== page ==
Moving abroad is sure to be an exciting time, with hours – if not days – spent planning, preparing and looking forward to the move. Settling into a new working and living environment will inevitably come with its challenges, though. Being separated from the support provided by family and friends back home can take a particular toll on expats’ health and wellbeing. To add to this, if an expat is moving with a family, their own wellbeing almost certainly won’t come first.
These pressures can ultimately leave some expats more vulnerable to experiencing poor mental health. In fact, according to a U.S study*, over 50 per cent of the expats sampled were at a higher risk of internalising problems such as anxiety and depression. As such, many expats could be leaving home unprepared for the impact that life abroad can have on their mental wellbeing.
Prevention is better than cure
Thinking ahead and helping expats to prepare for some of the challenges they will face is vital in promoting overall wellness. Some companies might consider pre-assignment checks to make sure both the prospective expat and the company are aware of any issues that may need to be addressed before the move – for example, where to get regular medication or whether an asthma sufferer would be comfortable living in China where the air quality can be poorer. There are also plenty of other pre-emptive steps that businesses could take though, to help expat employees settle in to their new surroundings quickly.
For example, in some cases, it may be possible for the expat to visit the location, explore the area and meet their new colleagues before starting their assignment. Other support might include language lessons before they go, so the expat can start to integrate as soon as they arrive. Helping them develop the right skills to communicate effectively will certainly help to ensure the start of their journey is a positive one.
Granted, learning a language isn’t always required, so think about the little things that will help new expats to acclimatise. Whilst this could include providing legal and political information, it’s important to remember what might help them lead a healthy lifestyle. For example, why not let them know about the local cuisine and diet, or the best places to explore on foot. This information will not only ensure they get the most out of the experience, but it will prevent them from feeling overwhelmed and isolated. The more information, the better. In some cases, where the organisation already has people in the region, it may even be possible to assign a “buddy” to help the expat settle in.
Check-in before they check out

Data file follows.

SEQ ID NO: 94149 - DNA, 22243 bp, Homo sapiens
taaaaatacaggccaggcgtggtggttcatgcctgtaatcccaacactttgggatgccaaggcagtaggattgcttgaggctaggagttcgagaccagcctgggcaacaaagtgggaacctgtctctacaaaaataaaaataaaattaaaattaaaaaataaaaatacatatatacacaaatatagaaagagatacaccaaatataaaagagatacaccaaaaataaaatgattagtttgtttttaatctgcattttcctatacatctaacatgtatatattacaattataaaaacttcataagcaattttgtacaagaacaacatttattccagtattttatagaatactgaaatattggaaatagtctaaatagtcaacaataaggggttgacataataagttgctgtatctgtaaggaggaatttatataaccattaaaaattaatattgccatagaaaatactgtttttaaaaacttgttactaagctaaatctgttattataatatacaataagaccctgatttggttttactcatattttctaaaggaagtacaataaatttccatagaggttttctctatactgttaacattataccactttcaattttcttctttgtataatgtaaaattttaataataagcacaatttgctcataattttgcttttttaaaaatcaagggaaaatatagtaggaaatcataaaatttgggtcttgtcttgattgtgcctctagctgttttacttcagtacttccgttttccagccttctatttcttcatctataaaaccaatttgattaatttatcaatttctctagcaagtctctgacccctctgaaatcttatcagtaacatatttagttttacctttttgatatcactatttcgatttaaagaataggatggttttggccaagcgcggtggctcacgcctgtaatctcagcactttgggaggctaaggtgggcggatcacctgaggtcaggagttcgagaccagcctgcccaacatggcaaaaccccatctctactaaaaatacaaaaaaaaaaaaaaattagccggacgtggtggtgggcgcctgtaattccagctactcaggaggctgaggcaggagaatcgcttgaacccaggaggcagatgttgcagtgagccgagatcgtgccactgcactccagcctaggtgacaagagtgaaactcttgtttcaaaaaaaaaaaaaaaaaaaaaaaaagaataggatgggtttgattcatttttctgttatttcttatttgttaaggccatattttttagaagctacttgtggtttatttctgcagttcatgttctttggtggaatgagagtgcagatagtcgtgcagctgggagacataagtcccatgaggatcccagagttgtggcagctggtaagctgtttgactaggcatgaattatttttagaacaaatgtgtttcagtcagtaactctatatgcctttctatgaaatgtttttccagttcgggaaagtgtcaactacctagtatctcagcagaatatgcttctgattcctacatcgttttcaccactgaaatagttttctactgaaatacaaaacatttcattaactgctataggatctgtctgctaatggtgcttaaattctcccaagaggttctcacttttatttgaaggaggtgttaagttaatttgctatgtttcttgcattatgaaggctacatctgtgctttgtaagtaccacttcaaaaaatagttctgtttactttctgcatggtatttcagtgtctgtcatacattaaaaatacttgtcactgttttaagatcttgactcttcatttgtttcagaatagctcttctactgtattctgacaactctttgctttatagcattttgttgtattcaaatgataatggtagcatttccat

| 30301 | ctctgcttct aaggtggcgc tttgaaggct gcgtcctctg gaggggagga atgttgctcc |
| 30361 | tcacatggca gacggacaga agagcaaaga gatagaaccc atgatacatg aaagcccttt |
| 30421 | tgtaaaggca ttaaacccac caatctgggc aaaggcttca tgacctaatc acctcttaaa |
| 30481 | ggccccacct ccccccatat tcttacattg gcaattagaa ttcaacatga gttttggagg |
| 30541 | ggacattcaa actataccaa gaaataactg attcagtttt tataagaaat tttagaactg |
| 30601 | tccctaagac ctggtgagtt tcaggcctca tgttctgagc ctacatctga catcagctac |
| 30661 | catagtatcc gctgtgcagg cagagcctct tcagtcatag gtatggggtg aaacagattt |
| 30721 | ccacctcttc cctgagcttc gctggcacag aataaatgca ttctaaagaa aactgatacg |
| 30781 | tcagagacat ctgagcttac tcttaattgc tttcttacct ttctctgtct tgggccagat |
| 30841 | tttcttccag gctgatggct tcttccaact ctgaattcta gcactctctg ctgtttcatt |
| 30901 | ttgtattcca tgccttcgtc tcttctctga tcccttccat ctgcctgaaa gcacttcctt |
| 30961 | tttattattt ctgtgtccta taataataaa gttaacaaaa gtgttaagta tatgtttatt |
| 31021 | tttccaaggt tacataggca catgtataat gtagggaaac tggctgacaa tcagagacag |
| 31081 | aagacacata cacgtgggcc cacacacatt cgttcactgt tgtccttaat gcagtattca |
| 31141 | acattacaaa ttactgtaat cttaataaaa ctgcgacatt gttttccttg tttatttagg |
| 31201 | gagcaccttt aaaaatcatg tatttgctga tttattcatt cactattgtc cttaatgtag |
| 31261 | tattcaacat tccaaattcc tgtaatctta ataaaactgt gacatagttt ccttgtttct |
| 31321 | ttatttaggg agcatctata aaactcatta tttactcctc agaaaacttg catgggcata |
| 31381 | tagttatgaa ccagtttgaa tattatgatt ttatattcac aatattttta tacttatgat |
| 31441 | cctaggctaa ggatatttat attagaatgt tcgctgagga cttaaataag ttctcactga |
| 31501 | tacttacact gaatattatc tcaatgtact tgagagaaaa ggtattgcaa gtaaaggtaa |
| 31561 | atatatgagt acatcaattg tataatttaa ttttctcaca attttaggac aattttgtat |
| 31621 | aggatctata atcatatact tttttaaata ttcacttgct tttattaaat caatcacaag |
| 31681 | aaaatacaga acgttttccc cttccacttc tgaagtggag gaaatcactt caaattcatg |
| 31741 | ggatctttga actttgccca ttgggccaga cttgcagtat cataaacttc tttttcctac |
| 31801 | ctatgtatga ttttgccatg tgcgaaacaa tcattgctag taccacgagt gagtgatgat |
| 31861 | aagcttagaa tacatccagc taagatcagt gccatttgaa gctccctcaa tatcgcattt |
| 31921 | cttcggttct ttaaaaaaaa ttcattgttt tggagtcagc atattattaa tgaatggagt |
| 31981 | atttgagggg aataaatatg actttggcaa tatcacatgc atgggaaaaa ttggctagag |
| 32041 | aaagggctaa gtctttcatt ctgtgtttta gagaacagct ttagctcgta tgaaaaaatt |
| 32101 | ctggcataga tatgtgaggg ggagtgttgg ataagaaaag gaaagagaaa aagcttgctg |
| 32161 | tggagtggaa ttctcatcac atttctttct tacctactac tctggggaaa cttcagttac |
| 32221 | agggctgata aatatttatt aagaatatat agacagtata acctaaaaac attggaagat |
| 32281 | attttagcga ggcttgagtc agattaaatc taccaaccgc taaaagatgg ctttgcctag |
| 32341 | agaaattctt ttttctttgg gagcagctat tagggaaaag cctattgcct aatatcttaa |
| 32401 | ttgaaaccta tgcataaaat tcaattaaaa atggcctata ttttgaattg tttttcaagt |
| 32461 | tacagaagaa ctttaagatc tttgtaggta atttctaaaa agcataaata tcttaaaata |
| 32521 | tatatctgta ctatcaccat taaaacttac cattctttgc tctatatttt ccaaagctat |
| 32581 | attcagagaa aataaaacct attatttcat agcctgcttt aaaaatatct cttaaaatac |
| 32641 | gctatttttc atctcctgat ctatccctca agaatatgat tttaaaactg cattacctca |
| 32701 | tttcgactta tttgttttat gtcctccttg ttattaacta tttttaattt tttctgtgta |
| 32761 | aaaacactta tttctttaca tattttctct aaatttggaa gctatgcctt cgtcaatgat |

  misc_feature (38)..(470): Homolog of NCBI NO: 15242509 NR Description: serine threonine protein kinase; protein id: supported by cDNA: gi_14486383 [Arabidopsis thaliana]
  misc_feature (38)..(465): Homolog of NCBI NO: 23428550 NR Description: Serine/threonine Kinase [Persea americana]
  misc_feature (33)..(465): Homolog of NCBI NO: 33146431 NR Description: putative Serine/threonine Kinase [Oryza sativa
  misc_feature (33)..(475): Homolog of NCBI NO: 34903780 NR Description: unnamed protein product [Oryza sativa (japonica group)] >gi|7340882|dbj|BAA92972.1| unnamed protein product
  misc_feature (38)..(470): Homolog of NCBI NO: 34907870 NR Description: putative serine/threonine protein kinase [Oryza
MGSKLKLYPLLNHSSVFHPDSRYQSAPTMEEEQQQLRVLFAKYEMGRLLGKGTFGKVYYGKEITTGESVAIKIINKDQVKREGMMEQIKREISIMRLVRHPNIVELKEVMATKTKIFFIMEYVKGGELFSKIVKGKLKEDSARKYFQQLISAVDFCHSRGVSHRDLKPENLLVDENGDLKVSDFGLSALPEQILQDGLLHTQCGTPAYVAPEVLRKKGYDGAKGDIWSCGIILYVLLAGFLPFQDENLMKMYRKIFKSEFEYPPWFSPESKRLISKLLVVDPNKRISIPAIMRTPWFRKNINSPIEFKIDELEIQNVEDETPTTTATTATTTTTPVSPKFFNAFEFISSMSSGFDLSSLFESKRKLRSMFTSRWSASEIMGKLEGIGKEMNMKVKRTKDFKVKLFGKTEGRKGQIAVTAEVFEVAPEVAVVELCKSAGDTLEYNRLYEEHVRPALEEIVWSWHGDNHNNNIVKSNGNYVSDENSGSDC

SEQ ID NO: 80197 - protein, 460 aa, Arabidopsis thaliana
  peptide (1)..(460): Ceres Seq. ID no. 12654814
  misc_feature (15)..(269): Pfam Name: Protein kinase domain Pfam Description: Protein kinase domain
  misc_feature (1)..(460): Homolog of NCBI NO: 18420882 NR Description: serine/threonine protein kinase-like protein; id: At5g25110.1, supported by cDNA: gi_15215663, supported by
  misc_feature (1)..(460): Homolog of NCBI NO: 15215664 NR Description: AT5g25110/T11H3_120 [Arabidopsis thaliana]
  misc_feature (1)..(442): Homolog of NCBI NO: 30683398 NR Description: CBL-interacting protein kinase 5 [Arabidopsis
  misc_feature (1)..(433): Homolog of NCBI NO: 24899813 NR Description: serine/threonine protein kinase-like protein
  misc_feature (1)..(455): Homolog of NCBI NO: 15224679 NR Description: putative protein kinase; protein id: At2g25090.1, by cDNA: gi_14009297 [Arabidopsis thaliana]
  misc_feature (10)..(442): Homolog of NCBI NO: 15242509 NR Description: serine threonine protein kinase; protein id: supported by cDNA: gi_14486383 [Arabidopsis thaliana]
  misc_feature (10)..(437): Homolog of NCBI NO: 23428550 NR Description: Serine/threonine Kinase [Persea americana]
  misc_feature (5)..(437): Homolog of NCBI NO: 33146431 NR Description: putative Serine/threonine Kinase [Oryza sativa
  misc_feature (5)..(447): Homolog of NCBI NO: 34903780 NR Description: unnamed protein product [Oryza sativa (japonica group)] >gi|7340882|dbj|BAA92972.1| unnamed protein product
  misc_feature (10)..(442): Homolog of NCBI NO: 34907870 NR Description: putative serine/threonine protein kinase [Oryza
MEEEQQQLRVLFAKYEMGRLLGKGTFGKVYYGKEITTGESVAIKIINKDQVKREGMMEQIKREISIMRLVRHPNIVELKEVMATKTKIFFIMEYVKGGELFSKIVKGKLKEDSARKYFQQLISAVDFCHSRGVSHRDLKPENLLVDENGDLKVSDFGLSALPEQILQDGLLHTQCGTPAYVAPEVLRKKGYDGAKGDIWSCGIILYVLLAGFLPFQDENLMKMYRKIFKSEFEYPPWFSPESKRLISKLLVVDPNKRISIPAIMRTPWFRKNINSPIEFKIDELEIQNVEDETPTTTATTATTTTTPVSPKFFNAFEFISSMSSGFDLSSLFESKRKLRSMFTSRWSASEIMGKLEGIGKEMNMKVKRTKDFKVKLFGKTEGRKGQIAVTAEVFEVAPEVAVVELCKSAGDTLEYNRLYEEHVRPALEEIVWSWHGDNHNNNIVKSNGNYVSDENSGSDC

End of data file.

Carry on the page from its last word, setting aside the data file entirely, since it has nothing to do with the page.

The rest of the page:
In some countries and cultures, mental health is not as recognised or freely discussed as in others. Therefore, it’s important to consider what support expats might have been used to back home, and what they might need going forward.
Once settled, make sure you’re regularly checking in with the employee to see how they’ve found the move and new environment. Make them aware early on that talking about their own mental wellbeing is important and accepted. Keep the door open and try to create a comfortable environment for them to be open and honest with you. This should help you spot any signs of mental ill health early on.
If your team member is in a country where there is limited awareness of the impact of mental health, make sure that both they and HR are able to recognise, for example, that physical symptoms such as neck and back pain, arrhythmias and rashes can all be indicative of stress.
Share any websites, blogs or apps that you think would help too. Pairing them up with a buddy will also help to ensure they are kept up to date with local events and community gatherings, so they can start to build their own network of support.
One size doesn’t fit all
What works for one employee may not work for another, especially if they’ve come from different backgrounds. Whilst there will be plenty of challenges that all expats face when on assignment, there will be some that are unique to the individual.
If you have budget available for health and wellness initiatives, you don’t necessarily have to take a single approach. Some businesses will offer a wellbeing allowance that employees can spend on an activity or hobby of their choice. Whether it be photography, cookery or a sporting activity, this can be a great way to encourage expats to remain active and to become better acquainted with their new home. Various studies have shown that taking part in sports or physical activities can be a particularly effective way of boosting mental wellbeing, as well as meeting new people, so HR should make sure to highlight the availability of initiatives such as these.
Communication and offering the right support for the individual are both key in ensuring the happiness of all expat colleagues. Undertaking such a big readjustment can take its toll on an employee’s wellbeing and it’s important to always remember that. But, by putting the right initiatives in place, leaders and HR managers can make sure they are giving their expat workforce the best experience whilst also getting the most out of them too.